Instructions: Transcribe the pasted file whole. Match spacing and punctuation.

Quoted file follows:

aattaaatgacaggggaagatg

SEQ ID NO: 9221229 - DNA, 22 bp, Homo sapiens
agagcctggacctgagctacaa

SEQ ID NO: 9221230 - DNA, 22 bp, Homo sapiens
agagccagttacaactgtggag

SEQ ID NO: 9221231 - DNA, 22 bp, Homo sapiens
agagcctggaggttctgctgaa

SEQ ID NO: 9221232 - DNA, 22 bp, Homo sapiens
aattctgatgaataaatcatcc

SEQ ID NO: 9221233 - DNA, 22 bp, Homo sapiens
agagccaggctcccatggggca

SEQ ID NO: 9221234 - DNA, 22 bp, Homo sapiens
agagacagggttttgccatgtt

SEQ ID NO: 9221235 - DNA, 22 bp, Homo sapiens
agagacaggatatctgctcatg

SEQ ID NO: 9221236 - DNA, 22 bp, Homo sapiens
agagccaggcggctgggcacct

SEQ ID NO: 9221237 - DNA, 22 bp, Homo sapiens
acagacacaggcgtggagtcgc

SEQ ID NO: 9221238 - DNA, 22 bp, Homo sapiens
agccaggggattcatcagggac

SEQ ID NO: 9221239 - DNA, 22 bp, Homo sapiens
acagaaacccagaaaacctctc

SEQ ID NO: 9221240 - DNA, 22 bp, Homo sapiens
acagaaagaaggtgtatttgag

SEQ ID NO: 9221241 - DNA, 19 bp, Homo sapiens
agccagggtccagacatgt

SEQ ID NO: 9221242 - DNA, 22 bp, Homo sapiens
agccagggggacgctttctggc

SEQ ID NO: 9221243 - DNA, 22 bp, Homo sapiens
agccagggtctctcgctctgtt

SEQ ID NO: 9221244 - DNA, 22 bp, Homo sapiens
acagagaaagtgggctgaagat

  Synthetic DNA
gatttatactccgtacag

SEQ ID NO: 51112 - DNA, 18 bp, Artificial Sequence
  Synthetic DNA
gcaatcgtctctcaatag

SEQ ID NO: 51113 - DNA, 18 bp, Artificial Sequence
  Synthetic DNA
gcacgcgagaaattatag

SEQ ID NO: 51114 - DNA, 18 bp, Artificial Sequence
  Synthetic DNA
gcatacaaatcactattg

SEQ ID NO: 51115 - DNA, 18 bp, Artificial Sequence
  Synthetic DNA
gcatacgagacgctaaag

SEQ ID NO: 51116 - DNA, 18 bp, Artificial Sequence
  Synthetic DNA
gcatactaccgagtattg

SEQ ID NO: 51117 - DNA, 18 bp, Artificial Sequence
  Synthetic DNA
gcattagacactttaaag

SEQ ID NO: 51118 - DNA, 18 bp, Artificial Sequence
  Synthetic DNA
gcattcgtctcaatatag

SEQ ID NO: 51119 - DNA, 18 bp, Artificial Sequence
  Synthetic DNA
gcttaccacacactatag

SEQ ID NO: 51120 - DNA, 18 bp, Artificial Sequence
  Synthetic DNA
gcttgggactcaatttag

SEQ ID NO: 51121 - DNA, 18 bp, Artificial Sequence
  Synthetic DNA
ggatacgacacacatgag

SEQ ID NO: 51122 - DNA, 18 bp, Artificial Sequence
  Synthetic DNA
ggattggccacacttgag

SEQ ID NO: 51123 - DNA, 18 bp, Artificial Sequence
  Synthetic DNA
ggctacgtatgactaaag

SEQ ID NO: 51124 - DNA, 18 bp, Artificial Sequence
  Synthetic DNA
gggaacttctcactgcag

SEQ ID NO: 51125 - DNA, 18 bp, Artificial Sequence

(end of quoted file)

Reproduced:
aattaaatgacaggggaagatg

SEQ ID NO: 9221229 - DNA, 22 bp, Homo sapiens
agagcctggacctgagctacaa

SEQ ID NO: 9221230 - DNA, 22 bp, Homo sapiens
agagccagttacaactgtggag

SEQ ID NO: 9221231 - DNA, 22 bp, Homo sapiens
agagcctggaggttctgctgaa

SEQ ID NO: 9221232 - DNA, 22 bp, Homo sapiens
aattctgatgaataaatcatcc

SEQ ID NO: 9221233 - DNA, 22 bp, Homo sapiens
agagccaggctcccatggggca

SEQ ID NO: 9221234 - DNA, 22 bp, Homo sapiens
agagacagggttttgccatgtt

SEQ ID NO: 9221235 - DNA, 22 bp, Homo sapiens
agagacaggatatctgctcatg

SEQ ID NO: 9221236 - DNA, 22 bp, Homo sapiens
agagccaggcggctgggcacct

SEQ ID NO: 9221237 - DNA, 22 bp, Homo sapiens
acagacacaggcgtggagtcgc

SEQ ID NO: 9221238 - DNA, 22 bp, Homo sapiens
agccaggggattcatcagggac

SEQ ID NO: 9221239 - DNA, 22 bp, Homo sapiens
acagaaacccagaaaacctctc

SEQ ID NO: 9221240 - DNA, 22 bp, Homo sapiens
acagaaagaaggtgtatttgag

SEQ ID NO: 9221241 - DNA, 19 bp, Homo sapiens
agccagggtccagacatgt

SEQ ID NO: 9221242 - DNA, 22 bp, Homo sapiens
agccagggggacgctttctggc

SEQ ID NO: 9221243 - DNA, 22 bp, Homo sapiens
agccagggtctctcgctctgtt

SEQ ID NO: 9221244 - DNA, 22 bp, Homo sapiens
acagagaaagtgggctgaagat

  Synthetic DNA
gatttatactccgtacag

SEQ ID NO: 51112 - DNA, 18 bp, Artificial Sequence
  Synthetic DNA
gcaatcgtctctcaatag

SEQ ID NO: 51113 - DNA, 18 bp, Artificial Sequence
  Synthetic DNA
gcacgcgagaaattatag

SEQ ID NO: 51114 - DNA, 18 bp, Artificial Sequence
  Synthetic DNA
gcatacaaatcactattg

SEQ ID NO: 51115 - DNA, 18 bp, Artificial Sequence
  Synthetic DNA
gcatacgagacgctaaag

SEQ ID NO: 51116 - DNA, 18 bp, Artificial Sequence
  Synthetic DNA
gcatactaccgagtattg

SEQ ID NO: 51117 - DNA, 18 bp, Artificial Sequence
  Synthetic DNA
gcattagacactttaaag

SEQ ID NO: 51118 - DNA, 18 bp, Artificial Sequence
  Synthetic DNA
gcattcgtctcaatatag

SEQ ID NO: 51119 - DNA, 18 bp, Artificial Sequence
  Synthetic DNA
gcttaccacacactatag

SEQ ID NO: 51120 - DNA, 18 bp, Artificial Sequence
  Synthetic DNA
gcttgggactcaatttag

SEQ ID NO: 51121 - DNA, 18 bp, Artificial Sequence
  Synthetic DNA
ggatacgacacacatgag

SEQ ID NO: 51122 - DNA, 18 bp, Artificial Sequence
  Synthetic DNA
ggattggccacacttgag

SEQ ID NO: 51123 - DNA, 18 bp, Artificial Sequence
  Synthetic DNA
ggctacgtatgactaaag

SEQ ID NO: 51124 - DNA, 18 bp, Artificial Sequence
  Synthetic DNA
gggaacttctcactgcag

SEQ ID NO: 51125 - DNA, 18 bp, Artificial Sequence